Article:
Kicking Your Salt Habit

How much salt do you eat every day? Maybe it’s from a few shakes of a saltshaker or a can of soup or a deli sandwich.  Sodium is found in two main sources in our diet, packaged/processed foods and by directly adding it from a saltshaker or while cooking. Salt is made of two minerals our bodies need which are sodium and chloride. Sodium helps our bodies maintain our blood pressure and the fluids we need. However, all too often we are eating more than our bodies need to survive. So how much is too much? It’s recommended that 1500mg per day is all we need to help prevent high blood pressure and survive. Even if you do not have high blood pressure less than 2300 mg a day is suggested, which is equal to a teaspoon of salt!

Almost half of adults have high blood pressure and don’t even know it. The best way to know is to have your blood pressure checked regularly and know your numbers. Blood pressure has two numbers, systolic and diastolic. The top number, systolic measures how much pressure there is when your heart beats. The bottom number, diastolic measures how much pressure there is when your heart rests. The higher your blood pressure goes, the more your blood is pushing against the walls of your blood vessels. When it is ignored, it can affect our body’s normal functions in several ways. It can contribute to a heart attack by damaging the arteries that can become blocked. A stroke can occur by the blood vessels in the brain bursting more easily. Our vision, which we rely on can be lost due to strain on eye vessels and our kidney function can decline due to artery damage changing the way our blood is filtered in our bodies.

How do your numbers measure up? Check out the chart below to see your risk for high blood pressure.

 

Risk Systolic Diastolic
Normal 120 80
Elevated 120-129 Less than 80
High-Stage 1 130-139 80-89
High-Stage 2 140 or higher 90 or higher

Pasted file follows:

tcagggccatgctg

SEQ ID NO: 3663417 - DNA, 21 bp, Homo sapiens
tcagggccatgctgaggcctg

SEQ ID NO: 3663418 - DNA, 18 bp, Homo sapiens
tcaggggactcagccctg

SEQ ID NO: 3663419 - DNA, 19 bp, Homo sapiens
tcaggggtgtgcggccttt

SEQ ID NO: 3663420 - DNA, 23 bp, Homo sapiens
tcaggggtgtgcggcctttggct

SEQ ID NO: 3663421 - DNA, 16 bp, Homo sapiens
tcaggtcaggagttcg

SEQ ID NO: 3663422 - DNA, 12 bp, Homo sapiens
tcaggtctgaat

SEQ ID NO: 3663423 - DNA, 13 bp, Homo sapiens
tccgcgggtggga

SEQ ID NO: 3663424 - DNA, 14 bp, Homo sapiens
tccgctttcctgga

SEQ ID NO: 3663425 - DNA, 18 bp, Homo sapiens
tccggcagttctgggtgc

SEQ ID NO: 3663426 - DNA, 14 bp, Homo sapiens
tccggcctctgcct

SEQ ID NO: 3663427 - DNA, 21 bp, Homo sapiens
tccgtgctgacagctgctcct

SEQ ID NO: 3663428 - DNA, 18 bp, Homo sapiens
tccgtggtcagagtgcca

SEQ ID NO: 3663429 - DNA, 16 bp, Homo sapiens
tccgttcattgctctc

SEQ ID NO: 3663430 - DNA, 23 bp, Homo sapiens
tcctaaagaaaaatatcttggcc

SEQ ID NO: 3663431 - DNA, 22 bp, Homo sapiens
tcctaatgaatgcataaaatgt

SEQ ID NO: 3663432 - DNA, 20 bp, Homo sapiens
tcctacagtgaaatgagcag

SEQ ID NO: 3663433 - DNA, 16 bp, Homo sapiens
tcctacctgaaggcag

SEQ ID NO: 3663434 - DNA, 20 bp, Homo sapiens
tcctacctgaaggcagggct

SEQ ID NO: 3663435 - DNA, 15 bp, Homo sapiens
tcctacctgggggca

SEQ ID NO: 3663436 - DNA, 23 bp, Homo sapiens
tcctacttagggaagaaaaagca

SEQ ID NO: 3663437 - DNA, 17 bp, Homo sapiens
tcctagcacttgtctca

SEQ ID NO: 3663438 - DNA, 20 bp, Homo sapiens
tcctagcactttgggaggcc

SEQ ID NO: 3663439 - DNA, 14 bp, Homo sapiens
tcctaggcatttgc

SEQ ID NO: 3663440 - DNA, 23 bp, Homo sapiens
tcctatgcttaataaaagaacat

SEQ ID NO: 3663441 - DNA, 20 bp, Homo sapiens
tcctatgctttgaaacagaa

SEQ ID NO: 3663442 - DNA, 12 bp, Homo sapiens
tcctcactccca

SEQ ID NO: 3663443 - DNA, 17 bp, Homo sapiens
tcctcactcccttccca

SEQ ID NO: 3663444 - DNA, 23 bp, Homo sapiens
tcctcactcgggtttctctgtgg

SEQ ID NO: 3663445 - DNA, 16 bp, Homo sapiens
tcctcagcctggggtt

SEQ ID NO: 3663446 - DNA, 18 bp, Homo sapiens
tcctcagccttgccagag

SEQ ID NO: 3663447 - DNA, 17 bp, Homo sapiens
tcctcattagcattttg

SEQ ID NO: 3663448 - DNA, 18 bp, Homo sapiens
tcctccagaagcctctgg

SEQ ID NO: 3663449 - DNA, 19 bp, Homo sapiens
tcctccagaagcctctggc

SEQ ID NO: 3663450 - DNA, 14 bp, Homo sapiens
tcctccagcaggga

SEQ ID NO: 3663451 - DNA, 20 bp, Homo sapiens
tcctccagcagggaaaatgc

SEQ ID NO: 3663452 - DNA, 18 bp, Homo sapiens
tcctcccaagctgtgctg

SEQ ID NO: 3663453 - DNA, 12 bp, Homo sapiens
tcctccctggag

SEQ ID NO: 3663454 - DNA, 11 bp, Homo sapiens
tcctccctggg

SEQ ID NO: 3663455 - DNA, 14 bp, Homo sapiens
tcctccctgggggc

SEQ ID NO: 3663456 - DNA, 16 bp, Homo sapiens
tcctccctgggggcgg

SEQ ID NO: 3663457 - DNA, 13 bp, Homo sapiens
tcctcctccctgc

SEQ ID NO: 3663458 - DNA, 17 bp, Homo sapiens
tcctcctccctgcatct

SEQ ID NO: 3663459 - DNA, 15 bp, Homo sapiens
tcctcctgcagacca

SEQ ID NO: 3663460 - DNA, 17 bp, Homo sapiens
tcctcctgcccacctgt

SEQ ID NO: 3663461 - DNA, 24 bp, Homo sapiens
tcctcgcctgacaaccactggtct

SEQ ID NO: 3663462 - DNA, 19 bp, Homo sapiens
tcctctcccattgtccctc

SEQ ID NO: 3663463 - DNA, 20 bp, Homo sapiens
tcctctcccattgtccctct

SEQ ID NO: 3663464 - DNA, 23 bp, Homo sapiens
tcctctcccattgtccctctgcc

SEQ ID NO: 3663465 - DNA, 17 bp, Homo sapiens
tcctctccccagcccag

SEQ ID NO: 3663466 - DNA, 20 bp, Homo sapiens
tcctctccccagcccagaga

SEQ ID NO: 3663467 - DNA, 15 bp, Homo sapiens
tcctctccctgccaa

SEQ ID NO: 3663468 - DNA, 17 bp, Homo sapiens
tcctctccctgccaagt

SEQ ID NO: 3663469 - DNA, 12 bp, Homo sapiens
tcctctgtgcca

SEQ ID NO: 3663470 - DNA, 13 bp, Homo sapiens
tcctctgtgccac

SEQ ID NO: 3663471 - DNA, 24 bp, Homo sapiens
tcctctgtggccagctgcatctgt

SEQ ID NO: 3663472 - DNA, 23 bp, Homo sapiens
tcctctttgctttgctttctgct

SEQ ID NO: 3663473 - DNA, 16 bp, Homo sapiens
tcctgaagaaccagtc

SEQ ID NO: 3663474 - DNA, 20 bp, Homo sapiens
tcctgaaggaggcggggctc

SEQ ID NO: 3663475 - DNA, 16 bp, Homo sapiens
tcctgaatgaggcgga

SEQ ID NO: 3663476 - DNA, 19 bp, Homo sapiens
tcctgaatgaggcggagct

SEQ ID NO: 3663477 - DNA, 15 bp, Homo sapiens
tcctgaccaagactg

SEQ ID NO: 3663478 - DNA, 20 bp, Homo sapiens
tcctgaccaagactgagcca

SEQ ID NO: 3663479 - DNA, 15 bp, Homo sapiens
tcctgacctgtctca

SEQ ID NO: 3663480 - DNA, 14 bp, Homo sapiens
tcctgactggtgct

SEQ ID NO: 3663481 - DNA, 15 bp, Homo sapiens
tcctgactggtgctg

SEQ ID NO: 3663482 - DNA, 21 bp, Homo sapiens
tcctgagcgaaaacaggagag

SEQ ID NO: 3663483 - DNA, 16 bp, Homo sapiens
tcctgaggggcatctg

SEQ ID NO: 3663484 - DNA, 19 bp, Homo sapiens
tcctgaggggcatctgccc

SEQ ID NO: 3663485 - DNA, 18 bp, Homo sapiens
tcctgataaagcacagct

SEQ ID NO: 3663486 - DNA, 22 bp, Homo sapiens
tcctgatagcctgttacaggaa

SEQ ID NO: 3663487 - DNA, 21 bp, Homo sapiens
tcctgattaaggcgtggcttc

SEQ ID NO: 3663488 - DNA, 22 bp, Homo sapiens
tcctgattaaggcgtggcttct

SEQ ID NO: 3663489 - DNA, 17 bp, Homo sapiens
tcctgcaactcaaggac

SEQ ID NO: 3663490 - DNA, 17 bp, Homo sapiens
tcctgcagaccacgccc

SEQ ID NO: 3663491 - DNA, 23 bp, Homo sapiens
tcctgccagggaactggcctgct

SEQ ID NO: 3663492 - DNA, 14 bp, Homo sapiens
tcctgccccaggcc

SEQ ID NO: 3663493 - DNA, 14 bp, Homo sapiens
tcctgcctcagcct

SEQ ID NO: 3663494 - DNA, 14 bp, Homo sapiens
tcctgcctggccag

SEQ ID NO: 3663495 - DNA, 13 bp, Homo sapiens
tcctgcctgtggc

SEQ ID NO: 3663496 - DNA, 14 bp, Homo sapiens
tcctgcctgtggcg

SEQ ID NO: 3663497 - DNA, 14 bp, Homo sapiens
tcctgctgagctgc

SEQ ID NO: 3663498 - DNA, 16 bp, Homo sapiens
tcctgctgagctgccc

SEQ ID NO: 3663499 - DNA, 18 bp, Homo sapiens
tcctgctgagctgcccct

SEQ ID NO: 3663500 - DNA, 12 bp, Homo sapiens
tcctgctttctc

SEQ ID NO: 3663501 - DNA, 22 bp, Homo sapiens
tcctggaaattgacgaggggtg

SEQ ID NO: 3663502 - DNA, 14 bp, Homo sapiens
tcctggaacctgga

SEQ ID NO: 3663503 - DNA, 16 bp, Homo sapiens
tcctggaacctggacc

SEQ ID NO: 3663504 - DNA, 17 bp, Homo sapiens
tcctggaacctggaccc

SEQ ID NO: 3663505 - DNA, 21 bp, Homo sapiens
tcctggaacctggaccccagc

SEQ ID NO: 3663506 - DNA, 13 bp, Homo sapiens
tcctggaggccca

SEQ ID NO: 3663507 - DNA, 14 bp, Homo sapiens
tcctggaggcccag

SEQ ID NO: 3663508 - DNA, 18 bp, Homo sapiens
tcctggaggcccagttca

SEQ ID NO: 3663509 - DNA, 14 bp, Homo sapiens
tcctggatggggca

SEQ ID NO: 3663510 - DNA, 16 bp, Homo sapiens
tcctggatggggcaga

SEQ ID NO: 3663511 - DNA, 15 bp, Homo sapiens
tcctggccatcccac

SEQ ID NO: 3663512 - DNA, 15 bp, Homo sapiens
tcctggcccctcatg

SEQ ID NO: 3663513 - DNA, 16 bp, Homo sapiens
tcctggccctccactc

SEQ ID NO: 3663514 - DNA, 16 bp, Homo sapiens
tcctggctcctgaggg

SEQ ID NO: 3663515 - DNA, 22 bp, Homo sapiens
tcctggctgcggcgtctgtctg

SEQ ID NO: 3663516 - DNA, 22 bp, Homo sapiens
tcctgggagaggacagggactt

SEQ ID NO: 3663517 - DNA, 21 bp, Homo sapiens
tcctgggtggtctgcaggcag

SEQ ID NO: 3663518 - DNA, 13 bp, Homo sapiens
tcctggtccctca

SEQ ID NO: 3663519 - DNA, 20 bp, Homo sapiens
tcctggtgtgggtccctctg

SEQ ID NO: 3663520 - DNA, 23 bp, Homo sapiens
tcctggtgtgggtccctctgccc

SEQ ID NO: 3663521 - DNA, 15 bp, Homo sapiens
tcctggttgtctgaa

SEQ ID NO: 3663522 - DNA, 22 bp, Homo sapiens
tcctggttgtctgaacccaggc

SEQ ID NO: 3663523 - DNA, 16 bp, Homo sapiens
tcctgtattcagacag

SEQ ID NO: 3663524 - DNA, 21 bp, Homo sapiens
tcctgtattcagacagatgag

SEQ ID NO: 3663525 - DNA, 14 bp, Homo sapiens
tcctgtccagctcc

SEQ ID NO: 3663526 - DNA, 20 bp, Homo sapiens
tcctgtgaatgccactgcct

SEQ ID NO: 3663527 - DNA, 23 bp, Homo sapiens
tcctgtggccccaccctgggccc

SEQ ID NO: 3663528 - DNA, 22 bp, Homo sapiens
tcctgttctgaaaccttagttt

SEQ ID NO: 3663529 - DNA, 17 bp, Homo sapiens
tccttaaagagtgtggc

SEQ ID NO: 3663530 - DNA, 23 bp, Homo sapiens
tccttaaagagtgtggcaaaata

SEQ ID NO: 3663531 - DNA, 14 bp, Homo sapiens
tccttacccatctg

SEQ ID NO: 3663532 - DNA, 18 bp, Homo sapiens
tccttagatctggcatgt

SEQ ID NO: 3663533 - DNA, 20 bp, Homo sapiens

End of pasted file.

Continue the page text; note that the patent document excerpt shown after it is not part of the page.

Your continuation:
Seek immediate medical care Over 180 Higher then 120

 

What are some ways we can make healthier choices to decrease sodium?

Ditch the saltshaker and choose fewer seasonings that have salt in the name such as garlic salt or onion salt. Flavor your foods with fresh or dried herbs and spices. The combinations are endless and a little can go a long way to reach the flavor you desire without the increased health risk. When selecting veggies, choose fresh or frozen over canned when you can. If canned is your only option look for reduced-sodium options and rinse before preparing. It will not remove all of the sodium but will help lower it.  Deli meats have very high amounts of sodium in a single portion. Try switching them out or decreasing your portion size. Shred cooked chicken to create your own chicken salad or decrease your portion and replace it with a colorful salad. Be mindful of sauces like BBQ, soy sauce, and even some salad dressings which can pile on the sodium to foods that already contain sodium. Canned soups can be high in sodium, make sure to check out the nutrition facts label and compare sodium numbers to stay within the sodium goal for the day. One way to lower the sodium is by preparing a homemade soup. Create your own with a protein source, vegetables, a carbohydrate, and a liquid. For creamier soups add white beans instead of cream to increase the fiber and decrease the fat. Protein examples include chicken, turkey lentils, black beans, lean beef, or chickpeas. Try vegetables such as green beans, carrots, squash, spinach, or broccoli. Higher in fiber carbohydrates that are important for heart health include brown rice, whole-wheat pasta, quinoa, and barley. To keep the sodium down try low sodium vegetable or chicken broth.

Shopping the perimeter of the store, including more vegetables, fruit, whole grains, lean proteins, and low fat or fat-free dairy can keep you on the right track to heart health and keeping your blood pressure down. Know your numbers and read what’s in the food you are eating for the health of your heart.

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Posted: March 14, 2022


Category: Health & Nutrition, Work & Life
Tags: Heart Health, Sodium


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